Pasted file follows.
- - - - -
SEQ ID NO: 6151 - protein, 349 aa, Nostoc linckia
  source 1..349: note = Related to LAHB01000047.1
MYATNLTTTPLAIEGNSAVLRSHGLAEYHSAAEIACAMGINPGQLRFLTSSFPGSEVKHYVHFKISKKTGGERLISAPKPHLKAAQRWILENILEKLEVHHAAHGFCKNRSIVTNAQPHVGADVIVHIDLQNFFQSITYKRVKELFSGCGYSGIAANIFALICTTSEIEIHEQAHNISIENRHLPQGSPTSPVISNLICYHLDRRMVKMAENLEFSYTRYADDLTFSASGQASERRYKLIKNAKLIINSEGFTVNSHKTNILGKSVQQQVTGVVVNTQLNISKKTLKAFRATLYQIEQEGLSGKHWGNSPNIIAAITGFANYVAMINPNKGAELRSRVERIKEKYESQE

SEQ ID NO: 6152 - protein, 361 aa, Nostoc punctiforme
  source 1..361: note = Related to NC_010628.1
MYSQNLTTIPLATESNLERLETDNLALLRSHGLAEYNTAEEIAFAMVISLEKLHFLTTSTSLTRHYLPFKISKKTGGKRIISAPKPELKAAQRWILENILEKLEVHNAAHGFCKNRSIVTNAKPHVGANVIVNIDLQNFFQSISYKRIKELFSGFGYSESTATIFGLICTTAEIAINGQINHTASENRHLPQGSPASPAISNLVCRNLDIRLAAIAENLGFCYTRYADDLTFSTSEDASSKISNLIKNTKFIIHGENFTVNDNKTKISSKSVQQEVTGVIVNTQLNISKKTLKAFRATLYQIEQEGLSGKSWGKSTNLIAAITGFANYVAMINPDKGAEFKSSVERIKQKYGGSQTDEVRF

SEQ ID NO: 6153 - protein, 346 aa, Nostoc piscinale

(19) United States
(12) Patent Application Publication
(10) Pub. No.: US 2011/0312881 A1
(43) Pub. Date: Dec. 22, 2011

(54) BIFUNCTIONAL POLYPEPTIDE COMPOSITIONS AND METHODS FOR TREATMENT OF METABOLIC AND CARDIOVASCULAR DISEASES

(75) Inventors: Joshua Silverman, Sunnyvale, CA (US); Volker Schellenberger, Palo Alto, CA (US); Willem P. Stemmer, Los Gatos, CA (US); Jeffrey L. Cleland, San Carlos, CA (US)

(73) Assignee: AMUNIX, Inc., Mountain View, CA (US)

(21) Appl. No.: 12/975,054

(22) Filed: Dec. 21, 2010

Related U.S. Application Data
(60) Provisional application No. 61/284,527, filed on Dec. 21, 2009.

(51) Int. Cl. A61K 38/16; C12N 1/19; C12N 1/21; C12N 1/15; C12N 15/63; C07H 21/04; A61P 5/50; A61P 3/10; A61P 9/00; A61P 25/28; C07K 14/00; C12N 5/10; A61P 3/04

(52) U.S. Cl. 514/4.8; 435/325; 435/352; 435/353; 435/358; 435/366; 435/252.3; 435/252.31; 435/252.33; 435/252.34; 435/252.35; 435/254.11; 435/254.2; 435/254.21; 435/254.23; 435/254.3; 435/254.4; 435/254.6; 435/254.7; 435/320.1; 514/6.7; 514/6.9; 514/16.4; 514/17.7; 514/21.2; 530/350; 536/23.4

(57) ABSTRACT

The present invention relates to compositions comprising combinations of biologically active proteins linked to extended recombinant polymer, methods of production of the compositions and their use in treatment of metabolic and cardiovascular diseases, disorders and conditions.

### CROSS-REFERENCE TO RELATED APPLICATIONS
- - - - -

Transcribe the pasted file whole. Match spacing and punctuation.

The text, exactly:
SEQ ID NO: 6151 - protein, 349 aa, Nostoc linckia
  source 1..349: note = Related to LAHB01000047.1
MYATNLTTTPLAIEGNSAVLRSHGLAEYHSAAEIACAMGINPGQLRFLTSSFPGSEVKHYVHFKISKKTGGERLISAPKPHLKAAQRWILENILEKLEVHHAAHGFCKNRSIVTNAQPHVGADVIVHIDLQNFFQSITYKRVKELFSGCGYSGIAANIFALICTTSEIEIHEQAHNISIENRHLPQGSPTSPVISNLICYHLDRRMVKMAENLEFSYTRYADDLTFSASGQASERRYKLIKNAKLIINSEGFTVNSHKTNILGKSVQQQVTGVVVNTQLNISKKTLKAFRATLYQIEQEGLSGKHWGNSPNIIAAITGFANYVAMINPNKGAELRSRVERIKEKYESQE

SEQ ID NO: 6152 - protein, 361 aa, Nostoc punctiforme
  source 1..361: note = Related to NC_010628.1
MYSQNLTTIPLATESNLERLETDNLALLRSHGLAEYNTAEEIAFAMVISLEKLHFLTTSTSLTRHYLPFKISKKTGGKRIISAPKPELKAAQRWILENILEKLEVHNAAHGFCKNRSIVTNAKPHVGANVIVNIDLQNFFQSISYKRIKELFSGFGYSESTATIFGLICTTAEIAINGQINHTASENRHLPQGSPASPAISNLVCRNLDIRLAAIAENLGFCYTRYADDLTFSTSEDASSKISNLIKNTKFIIHGENFTVNDNKTKISSKSVQQEVTGVIVNTQLNISKKTLKAFRATLYQIEQEGLSGKSWGKSTNLIAAITGFANYVAMINPDKGAEFKSSVERIKQKYGGSQTDEVRF

SEQ ID NO: 6153 - protein, 346 aa, Nostoc piscinale

(19) United States
(12) Patent Application Publication
(10) Pub. No.: US 2011/0312881 A1
(43) Pub. Date: Dec. 22, 2011

(54) BIFUNCTIONAL POLYPEPTIDE COMPOSITIONS AND METHODS FOR TREATMENT OF METABOLIC AND CARDIOVASCULAR DISEASES

(75) Inventors: Joshua Silverman, Sunnyvale, CA (US); Volker Schellenberger, Palo Alto, CA (US); Willem P. Stemmer, Los Gatos, CA (US); Jeffrey L. Cleland, San Carlos, CA (US)

(73) Assignee: AMUNIX, Inc., Mountain View, CA (US)

(21) Appl. No.: 12/975,054

(22) Filed: Dec. 21, 2010

Related U.S. Application Data
(60) Provisional application No. 61/284,527, filed on Dec. 21, 2009.

(51) Int. Cl. A61K 38/16; C12N 1/19; C12N 1/21; C12N 1/15; C12N 15/63; C07H 21/04; A61P 5/50; A61P 3/10; A61P 9/00; A61P 25/28; C07K 14/00; C12N 5/10; A61P 3/04

(52) U.S. Cl. 514/4.8; 435/325; 435/352; 435/353; 435/358; 435/366; 435/252.3; 435/252.31; 435/252.33; 435/252.34; 435/252.35; 435/254.11; 435/254.2; 435/254.21; 435/254.23; 435/254.3; 435/254.4; 435/254.6; 435/254.7; 435/320.1; 514/6.7; 514/6.9; 514/16.4; 514/17.7; 514/21.2; 530/350; 536/23.4

(57) ABSTRACT

The present invention relates to compositions comprising combinations of biologically active proteins linked to extended recombinant polymer, methods of production of the compositions and their use in treatment of metabolic and cardiovascular diseases, disorders and conditions.

### CROSS-REFERENCE TO RELATED APPLICATIONS